25 Jan, 2019
We extend the range of camera settings of ace camera series with new, powerful features – Vignetting Correction, which allows a correction of edge shadowing when the image circle is too small in relation to the sensor size.
High-performance, effective, useful – the three new ace features:
- Vignetting Correction
- PGI for monochrome cameras
- Stacked ROI (selection of multiple ROIs (Regions of Interest))
How do these features work, what benefits and advantages do they offer and in which camera models are they available?
Vignetting Correction (patent pending)
Vignetting is a well-known phenomenon in image processing and describes the decrease in image brightness towards the edge. This often results in this effect:
If the image circle of the lens used is too small in relation to the camera sensor, this effect can manifest strongly and affect the image quality accordingly. Details at the edge of the sensor can often only be inspected poorly, or not at all or the inspection is made more difficult by the different brightness values across the image. In many cases, the choice of a larger lens – for example from 2/3″ to 1″ – can help. However, this solution is usually associated with higher costs.
If one compares the standard available optics with the current variety of sensor sizes, the imbalance becomes clear.
This imbalance affects, for example, the following sensor-lens combination:
The new Vignetting Correction feature provides effective support here:
Thanks to Vignetting Correction, there is no negative effect on the frame rate or image quality after a one-time calibration of the camera, since the correction values are stores in the camera and automatically taken into account in the image output. For example, users can combine ace cameras with Sony IMX304 or IMX253 sensors with their 1.1″ format with 1″ lenses without having to accept any edge shadowing. It is no longer necessary to switch to a lens with a larger image circle.
The Vignetting Correction feature is available for selected ace U and ace L models with GigE and USB 3.0 interfaces.
Attractively priced combinations of Basler cameras and lenses with Vignetting Correction:
|Camera||Interface||Sensor||Sensor Size||Lens Fit|
|acA4112-20uc||USB 3.0||IMX 304||1.1″||1″|
PGI for Monochrome Cameras
Since its introduction, the PGI feature set has been in high demand, facilitating color applications for many customers and even making some previously unavailable applications possible. This successful combination of 5×5 Debayering, Color-Anti-Aliasing, Denoising, and Improved Sharpness was only available for color cameras until now. Now an adapted form of PGI is available for the world of gray-scale values.
Optimized for monochrome requirements
Debayering and color-anti-aliasing are not relevant for monochrome cameras – but noise reduction and increased image sharpness certainly have benefits. Basler has now adjusted the PGI algorithm exactly for these requirements.
In contrast to color cameras, a debayered pixel format is not required for monochrome cameras. As a result, raw images can be used and the maximum sensor speed can be utilized.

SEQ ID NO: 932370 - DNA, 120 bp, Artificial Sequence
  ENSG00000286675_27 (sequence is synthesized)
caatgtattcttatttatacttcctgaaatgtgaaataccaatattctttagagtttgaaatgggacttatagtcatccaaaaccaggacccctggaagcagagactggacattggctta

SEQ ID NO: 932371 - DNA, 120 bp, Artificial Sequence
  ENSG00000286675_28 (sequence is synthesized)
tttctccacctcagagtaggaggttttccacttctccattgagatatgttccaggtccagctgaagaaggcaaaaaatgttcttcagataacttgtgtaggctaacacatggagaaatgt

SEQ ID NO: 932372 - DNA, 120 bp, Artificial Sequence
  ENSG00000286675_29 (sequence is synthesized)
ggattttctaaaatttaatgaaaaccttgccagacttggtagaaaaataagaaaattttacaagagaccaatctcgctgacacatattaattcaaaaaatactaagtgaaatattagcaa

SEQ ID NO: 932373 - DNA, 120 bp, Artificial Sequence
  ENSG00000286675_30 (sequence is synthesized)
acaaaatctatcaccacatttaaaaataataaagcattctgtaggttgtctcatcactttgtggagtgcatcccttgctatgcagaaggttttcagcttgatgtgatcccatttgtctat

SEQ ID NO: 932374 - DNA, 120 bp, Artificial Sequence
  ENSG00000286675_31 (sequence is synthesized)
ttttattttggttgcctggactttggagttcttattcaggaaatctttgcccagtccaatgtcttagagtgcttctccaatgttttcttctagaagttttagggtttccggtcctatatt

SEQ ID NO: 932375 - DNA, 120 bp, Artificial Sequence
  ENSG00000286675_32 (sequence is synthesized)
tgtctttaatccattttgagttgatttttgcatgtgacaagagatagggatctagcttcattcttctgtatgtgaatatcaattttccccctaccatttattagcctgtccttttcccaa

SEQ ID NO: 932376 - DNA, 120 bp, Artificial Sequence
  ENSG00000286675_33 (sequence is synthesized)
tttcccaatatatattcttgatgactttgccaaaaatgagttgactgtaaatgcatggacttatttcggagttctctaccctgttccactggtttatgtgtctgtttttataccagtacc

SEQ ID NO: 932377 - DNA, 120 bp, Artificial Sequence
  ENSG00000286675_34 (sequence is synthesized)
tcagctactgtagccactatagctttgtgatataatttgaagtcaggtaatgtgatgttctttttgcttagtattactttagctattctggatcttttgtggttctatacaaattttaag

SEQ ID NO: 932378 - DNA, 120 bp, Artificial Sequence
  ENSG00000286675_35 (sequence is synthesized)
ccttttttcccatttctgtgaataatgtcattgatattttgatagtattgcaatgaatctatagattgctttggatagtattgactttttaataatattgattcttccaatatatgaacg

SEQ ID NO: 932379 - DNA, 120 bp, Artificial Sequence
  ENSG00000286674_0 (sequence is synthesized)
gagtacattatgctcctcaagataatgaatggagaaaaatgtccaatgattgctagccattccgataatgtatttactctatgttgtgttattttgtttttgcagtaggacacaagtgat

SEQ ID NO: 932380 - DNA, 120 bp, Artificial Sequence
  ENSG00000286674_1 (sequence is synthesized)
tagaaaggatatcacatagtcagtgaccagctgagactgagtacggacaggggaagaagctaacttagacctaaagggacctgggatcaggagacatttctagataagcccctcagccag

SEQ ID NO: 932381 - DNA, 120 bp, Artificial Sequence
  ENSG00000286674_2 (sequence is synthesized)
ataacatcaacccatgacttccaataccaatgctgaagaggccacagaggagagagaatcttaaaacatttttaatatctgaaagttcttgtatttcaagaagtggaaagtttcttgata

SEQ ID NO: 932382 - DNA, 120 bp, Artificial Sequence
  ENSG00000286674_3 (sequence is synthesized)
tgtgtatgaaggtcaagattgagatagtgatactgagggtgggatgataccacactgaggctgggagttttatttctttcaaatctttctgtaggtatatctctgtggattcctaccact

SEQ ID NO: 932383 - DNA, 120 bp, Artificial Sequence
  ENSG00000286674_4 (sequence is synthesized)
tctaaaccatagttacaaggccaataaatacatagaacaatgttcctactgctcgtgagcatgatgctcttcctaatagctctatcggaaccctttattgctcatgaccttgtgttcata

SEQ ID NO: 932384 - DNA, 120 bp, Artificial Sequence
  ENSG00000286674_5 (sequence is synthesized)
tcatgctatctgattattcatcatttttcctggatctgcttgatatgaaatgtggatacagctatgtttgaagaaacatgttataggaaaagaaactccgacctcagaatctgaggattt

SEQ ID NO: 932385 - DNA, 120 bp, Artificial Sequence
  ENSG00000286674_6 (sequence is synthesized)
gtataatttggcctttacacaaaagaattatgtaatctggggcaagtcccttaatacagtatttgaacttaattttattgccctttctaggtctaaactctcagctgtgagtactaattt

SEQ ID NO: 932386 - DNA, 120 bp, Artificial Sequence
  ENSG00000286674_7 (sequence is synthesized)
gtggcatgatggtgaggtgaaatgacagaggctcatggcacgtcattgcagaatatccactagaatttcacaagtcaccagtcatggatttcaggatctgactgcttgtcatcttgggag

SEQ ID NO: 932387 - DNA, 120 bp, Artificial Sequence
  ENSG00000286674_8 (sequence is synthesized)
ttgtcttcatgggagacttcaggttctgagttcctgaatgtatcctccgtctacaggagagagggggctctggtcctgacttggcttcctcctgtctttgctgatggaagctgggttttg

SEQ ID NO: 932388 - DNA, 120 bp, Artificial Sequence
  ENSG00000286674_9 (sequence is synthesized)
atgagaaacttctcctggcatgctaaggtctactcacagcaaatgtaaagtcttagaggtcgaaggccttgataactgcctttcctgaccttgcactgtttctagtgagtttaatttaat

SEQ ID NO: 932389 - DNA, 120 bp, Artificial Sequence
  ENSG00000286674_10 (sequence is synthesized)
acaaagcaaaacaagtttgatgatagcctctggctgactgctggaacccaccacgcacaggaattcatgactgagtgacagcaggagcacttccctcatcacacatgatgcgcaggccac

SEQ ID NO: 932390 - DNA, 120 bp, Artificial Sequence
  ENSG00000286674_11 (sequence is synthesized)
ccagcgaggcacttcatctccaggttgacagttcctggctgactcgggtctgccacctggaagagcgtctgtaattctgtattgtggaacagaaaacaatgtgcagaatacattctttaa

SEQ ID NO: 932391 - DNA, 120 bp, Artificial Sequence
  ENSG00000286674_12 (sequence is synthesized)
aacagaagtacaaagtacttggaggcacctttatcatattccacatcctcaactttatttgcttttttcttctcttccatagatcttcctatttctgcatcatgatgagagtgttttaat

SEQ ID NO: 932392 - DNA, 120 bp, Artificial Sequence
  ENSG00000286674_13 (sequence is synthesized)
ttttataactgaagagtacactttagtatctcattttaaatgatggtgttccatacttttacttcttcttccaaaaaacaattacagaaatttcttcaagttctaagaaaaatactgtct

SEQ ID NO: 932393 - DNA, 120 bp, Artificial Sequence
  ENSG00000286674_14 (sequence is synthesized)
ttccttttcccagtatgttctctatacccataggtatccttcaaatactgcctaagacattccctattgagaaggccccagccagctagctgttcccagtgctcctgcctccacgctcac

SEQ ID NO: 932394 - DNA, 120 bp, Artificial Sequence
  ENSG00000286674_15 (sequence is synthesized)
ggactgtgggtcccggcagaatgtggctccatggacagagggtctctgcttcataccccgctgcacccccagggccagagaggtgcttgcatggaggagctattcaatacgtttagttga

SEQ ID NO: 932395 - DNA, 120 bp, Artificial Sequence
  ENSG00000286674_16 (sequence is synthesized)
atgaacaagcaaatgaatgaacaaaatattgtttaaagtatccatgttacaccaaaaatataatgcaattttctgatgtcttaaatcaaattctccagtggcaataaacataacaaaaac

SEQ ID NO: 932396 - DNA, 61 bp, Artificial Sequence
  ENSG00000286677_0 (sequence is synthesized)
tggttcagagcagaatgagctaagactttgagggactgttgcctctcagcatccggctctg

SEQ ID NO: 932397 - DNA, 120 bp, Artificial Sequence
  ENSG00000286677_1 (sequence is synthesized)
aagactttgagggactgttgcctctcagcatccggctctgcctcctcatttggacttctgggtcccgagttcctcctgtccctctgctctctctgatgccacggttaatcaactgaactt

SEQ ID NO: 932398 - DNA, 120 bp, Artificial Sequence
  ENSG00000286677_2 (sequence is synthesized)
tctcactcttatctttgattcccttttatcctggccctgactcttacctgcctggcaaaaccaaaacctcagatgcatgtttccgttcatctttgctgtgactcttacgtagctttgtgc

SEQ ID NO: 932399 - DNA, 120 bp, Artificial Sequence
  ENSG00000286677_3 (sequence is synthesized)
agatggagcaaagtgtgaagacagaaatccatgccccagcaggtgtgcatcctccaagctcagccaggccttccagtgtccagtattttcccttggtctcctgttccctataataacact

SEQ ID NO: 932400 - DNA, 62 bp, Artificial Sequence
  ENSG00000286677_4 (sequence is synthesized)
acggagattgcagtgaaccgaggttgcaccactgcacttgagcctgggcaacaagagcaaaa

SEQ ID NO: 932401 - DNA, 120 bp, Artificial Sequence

Due to its mode of operation, a color camera will show noise and other effects more strongly than a monochrome camera. This means that the positive effect of using the PGI feature set can be seen more clearly in color cameras than in monochrome cameras. Take this into account when testing.
The PGI feature set for monochrome cameras is available for the entire ace L product line and all ace U models with Pregius sensors from Sony and with PYTHON sensors from ON Semiconductor.
Stacked ROI: Selection of Multiple Regions of Interest
Using a region of interest (ROI) to increase speed or reduce the data load is a proven and often-used method in industrial image processing. But as a result of increasing resolutions, not all important characteristics are located close to each other, which limits the benefits of ROI. However, a higher speed and/or a reduction of the data volume is still necessary in many cases in order to implement an application economically.
This becomes clear with the example of an application for bottle inspection. Here the focus of the inspection is often limited to
- the bottle neck for a check of the fill level and closure,
- the label in the center of the bottle to check the exact positioning and graphic correctness and
- the bottom to check for fissures or cracks.
These inspection machines keep getting faster in order to handle increasing cycle speeds. At the same time, the camera resolution and thus the data volume per image are constantly growing so that more details can be recognized and a higher-quality inspection can be performed. This leads to increasing demands on the applied processors and algorithms to be able to process this amount of data at all.
With the help of the new Stacked ROI feature, the focus in an application can now be directed to multiple ROIs at the same time, as illustrated by the sample case described in figure 2.
Basler offers the feature integrated in the FPGA for all ace U and ace L models with PYTHON sensors from ON Semiconductor and the fast Sony Pregius sensors (IMX174, IMX252, IMX250, IMX255, IMX253). It includes the use of up to eight (four for the IMX174) stacked zones which are adjustable in height (see figure 3).